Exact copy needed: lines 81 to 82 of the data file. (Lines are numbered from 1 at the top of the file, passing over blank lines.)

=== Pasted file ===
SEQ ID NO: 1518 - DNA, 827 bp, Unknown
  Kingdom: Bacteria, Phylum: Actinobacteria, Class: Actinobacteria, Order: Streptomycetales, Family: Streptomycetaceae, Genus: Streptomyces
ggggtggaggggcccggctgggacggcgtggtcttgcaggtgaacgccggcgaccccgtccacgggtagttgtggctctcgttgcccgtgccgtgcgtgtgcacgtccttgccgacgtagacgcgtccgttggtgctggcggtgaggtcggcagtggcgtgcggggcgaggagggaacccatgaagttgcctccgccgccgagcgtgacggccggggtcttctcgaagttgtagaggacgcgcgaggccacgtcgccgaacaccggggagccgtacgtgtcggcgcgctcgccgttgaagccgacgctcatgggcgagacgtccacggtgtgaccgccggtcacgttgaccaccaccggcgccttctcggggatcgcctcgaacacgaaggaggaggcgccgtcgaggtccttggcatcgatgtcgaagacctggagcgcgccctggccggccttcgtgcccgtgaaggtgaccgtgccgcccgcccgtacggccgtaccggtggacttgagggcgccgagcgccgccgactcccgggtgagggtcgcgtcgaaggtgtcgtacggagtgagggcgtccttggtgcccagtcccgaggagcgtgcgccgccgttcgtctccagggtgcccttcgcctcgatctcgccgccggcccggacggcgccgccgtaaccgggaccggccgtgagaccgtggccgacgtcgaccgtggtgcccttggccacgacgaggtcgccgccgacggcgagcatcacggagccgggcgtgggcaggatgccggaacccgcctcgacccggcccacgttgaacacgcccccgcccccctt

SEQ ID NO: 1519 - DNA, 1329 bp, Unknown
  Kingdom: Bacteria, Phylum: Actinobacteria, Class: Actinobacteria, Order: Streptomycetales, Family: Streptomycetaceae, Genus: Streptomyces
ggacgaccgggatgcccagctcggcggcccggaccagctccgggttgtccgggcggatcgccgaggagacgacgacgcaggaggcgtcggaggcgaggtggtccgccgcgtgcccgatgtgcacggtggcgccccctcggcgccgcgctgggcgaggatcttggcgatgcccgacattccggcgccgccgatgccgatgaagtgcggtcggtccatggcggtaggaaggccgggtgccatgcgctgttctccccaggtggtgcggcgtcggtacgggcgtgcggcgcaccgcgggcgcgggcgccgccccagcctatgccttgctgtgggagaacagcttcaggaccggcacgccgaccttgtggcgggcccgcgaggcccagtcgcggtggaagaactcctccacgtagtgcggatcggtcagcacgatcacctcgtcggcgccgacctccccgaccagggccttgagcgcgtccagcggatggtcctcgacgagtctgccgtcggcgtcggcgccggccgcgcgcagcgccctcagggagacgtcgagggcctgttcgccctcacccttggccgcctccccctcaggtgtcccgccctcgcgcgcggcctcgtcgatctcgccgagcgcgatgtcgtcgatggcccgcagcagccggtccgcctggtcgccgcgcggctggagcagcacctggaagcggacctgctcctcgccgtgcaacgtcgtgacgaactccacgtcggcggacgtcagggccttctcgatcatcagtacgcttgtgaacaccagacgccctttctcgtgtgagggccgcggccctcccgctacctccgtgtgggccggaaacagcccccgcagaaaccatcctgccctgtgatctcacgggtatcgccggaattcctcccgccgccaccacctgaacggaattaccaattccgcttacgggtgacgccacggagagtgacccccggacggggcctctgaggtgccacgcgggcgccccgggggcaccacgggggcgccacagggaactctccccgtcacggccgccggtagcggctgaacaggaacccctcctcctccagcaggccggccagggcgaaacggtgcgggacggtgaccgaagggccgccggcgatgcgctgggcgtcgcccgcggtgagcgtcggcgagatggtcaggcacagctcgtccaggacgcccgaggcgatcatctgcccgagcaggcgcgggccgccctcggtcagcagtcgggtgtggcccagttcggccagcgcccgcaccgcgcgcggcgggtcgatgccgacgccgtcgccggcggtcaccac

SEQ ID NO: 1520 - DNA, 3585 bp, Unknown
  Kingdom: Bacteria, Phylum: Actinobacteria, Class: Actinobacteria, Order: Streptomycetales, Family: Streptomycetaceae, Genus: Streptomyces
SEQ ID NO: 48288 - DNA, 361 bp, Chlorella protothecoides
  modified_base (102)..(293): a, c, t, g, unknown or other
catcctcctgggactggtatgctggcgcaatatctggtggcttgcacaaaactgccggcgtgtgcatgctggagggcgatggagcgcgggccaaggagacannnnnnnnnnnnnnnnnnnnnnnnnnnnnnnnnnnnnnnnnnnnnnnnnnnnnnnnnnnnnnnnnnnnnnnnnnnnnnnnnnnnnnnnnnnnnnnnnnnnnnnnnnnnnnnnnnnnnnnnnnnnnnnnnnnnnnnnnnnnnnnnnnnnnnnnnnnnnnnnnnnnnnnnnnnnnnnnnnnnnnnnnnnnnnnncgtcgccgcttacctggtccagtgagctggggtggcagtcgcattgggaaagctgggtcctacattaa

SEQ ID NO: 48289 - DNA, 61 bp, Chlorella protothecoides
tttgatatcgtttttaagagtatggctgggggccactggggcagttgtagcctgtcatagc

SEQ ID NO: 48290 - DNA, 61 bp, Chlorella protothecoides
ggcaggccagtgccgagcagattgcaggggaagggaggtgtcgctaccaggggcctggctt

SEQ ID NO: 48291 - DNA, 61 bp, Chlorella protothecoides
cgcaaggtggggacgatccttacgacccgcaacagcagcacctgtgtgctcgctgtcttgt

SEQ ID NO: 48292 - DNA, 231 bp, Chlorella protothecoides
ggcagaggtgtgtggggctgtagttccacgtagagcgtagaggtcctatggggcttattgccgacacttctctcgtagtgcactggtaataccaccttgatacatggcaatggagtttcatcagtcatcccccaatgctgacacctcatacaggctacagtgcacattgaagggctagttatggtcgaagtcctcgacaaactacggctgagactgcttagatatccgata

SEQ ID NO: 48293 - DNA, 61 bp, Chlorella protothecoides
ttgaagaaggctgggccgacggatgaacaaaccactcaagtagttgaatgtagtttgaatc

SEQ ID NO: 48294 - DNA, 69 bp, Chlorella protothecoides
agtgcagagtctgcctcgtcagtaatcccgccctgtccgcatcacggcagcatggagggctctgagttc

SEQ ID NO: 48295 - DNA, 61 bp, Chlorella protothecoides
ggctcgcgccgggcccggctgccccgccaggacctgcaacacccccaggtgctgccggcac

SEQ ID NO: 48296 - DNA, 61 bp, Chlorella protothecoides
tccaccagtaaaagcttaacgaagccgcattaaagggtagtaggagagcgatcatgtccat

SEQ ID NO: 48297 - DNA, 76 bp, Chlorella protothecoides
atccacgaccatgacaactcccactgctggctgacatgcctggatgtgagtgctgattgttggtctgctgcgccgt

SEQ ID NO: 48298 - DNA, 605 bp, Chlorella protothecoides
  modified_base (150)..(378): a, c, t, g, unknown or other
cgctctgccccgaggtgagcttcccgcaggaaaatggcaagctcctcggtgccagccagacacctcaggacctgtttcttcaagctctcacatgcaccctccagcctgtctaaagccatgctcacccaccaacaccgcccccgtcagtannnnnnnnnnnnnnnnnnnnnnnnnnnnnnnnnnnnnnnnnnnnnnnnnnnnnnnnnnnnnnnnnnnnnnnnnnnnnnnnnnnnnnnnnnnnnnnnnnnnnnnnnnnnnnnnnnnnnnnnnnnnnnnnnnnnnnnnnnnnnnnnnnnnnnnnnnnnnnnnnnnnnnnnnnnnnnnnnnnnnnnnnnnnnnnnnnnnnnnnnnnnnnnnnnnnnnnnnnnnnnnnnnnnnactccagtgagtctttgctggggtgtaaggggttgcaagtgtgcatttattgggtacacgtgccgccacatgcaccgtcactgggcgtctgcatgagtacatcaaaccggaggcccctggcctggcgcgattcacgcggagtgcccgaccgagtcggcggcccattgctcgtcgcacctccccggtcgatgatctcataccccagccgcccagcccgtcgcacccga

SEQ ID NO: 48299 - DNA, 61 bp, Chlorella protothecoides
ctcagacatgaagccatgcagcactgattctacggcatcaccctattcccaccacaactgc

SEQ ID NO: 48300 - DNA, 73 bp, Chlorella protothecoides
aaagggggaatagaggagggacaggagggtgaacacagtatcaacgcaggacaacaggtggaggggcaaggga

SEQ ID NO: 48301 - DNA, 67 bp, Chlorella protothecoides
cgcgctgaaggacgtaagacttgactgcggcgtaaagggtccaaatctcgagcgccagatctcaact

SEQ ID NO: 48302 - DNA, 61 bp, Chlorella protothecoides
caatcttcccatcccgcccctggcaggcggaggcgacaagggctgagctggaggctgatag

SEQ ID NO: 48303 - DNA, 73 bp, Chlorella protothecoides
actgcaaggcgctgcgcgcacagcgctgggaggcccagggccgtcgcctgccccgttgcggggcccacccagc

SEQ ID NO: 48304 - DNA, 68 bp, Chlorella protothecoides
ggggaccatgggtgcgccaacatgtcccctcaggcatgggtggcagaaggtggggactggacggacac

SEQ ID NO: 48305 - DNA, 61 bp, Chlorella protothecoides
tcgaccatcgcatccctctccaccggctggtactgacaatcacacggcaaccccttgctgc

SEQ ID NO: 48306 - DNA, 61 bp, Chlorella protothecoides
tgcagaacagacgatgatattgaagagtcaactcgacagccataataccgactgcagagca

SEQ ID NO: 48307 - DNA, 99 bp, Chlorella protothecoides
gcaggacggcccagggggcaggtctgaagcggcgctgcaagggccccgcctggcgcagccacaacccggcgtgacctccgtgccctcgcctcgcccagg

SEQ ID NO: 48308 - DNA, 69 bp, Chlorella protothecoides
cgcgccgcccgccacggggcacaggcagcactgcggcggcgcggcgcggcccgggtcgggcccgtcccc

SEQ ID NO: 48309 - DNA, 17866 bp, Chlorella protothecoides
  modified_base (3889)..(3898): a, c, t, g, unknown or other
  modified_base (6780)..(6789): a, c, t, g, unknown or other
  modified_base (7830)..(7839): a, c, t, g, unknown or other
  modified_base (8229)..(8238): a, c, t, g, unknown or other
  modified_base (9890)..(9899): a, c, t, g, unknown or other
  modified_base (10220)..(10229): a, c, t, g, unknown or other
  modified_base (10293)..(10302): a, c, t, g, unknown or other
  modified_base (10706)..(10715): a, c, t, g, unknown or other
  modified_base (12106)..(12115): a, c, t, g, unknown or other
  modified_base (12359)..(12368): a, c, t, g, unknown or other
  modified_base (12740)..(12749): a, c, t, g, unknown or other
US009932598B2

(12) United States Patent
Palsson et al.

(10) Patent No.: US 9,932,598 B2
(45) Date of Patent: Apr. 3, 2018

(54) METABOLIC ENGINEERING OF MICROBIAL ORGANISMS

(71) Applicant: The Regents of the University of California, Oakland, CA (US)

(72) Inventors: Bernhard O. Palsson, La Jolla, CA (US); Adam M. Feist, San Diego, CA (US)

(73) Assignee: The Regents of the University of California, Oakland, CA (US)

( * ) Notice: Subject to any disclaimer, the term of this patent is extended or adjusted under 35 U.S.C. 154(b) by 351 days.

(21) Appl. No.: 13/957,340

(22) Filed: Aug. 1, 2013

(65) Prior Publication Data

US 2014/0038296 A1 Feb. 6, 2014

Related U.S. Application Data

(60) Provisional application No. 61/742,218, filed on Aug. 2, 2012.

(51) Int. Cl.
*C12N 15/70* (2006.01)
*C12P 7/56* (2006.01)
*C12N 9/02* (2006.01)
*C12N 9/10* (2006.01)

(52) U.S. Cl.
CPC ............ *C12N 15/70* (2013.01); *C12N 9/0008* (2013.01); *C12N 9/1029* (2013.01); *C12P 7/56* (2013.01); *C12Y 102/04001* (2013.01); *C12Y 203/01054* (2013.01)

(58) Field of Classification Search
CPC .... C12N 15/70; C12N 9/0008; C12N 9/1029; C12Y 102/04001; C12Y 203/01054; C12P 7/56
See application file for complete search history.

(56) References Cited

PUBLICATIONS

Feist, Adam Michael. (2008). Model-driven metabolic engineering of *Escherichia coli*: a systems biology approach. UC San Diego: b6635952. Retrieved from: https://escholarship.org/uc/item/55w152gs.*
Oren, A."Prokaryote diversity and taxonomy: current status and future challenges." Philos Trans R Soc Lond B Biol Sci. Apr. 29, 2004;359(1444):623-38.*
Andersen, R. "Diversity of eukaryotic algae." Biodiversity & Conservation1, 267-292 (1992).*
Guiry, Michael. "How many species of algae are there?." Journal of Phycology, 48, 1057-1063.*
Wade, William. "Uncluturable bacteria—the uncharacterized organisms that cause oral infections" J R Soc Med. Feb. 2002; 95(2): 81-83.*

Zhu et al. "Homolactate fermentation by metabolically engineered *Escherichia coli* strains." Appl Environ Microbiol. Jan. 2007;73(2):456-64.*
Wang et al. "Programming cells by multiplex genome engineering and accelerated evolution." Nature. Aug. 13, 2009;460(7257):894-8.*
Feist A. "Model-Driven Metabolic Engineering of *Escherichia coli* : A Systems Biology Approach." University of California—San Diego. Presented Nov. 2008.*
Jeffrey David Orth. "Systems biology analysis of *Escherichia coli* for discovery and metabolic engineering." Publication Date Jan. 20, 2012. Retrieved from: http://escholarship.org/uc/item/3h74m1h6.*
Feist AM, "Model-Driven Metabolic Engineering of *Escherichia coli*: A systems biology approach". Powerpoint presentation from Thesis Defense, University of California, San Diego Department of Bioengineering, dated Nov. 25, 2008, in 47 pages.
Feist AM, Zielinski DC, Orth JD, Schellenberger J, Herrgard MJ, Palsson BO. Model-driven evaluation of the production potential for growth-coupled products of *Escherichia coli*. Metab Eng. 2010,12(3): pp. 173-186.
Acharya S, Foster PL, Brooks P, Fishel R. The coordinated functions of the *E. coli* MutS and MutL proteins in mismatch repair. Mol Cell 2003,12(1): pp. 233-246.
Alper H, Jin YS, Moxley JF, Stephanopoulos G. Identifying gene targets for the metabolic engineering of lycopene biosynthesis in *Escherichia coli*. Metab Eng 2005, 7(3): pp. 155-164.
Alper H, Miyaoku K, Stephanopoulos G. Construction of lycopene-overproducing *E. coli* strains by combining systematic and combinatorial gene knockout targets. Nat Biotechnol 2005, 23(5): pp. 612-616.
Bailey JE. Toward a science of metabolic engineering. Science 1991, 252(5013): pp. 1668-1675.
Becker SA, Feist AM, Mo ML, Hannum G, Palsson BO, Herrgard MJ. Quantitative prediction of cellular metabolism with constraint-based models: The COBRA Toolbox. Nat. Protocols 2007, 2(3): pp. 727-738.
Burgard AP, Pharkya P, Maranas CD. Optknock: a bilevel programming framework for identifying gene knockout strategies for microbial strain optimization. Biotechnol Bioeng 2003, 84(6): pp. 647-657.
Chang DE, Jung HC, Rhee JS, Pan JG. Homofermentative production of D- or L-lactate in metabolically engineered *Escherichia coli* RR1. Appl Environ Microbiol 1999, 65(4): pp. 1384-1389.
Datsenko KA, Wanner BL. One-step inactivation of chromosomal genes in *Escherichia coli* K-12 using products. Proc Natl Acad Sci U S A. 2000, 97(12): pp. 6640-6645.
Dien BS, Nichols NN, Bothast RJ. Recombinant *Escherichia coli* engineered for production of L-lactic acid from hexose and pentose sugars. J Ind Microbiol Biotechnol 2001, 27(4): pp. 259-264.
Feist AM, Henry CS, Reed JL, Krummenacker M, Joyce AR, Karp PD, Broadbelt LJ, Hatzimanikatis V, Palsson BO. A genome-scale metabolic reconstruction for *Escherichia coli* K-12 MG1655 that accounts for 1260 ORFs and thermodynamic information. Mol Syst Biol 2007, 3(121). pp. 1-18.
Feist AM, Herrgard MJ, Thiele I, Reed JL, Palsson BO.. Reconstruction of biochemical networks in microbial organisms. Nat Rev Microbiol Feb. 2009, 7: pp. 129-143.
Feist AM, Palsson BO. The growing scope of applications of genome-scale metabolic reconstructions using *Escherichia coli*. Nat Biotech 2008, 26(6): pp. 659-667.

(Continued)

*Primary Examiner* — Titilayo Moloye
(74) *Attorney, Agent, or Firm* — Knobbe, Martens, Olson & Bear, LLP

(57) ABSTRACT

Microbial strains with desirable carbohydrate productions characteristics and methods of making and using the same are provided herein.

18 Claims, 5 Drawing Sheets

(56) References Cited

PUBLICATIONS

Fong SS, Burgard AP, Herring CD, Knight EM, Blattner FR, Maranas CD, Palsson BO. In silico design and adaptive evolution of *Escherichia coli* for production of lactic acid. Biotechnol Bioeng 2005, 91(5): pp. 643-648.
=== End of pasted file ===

(51) Int. Cl.
*C12N 15/70* (2006.01)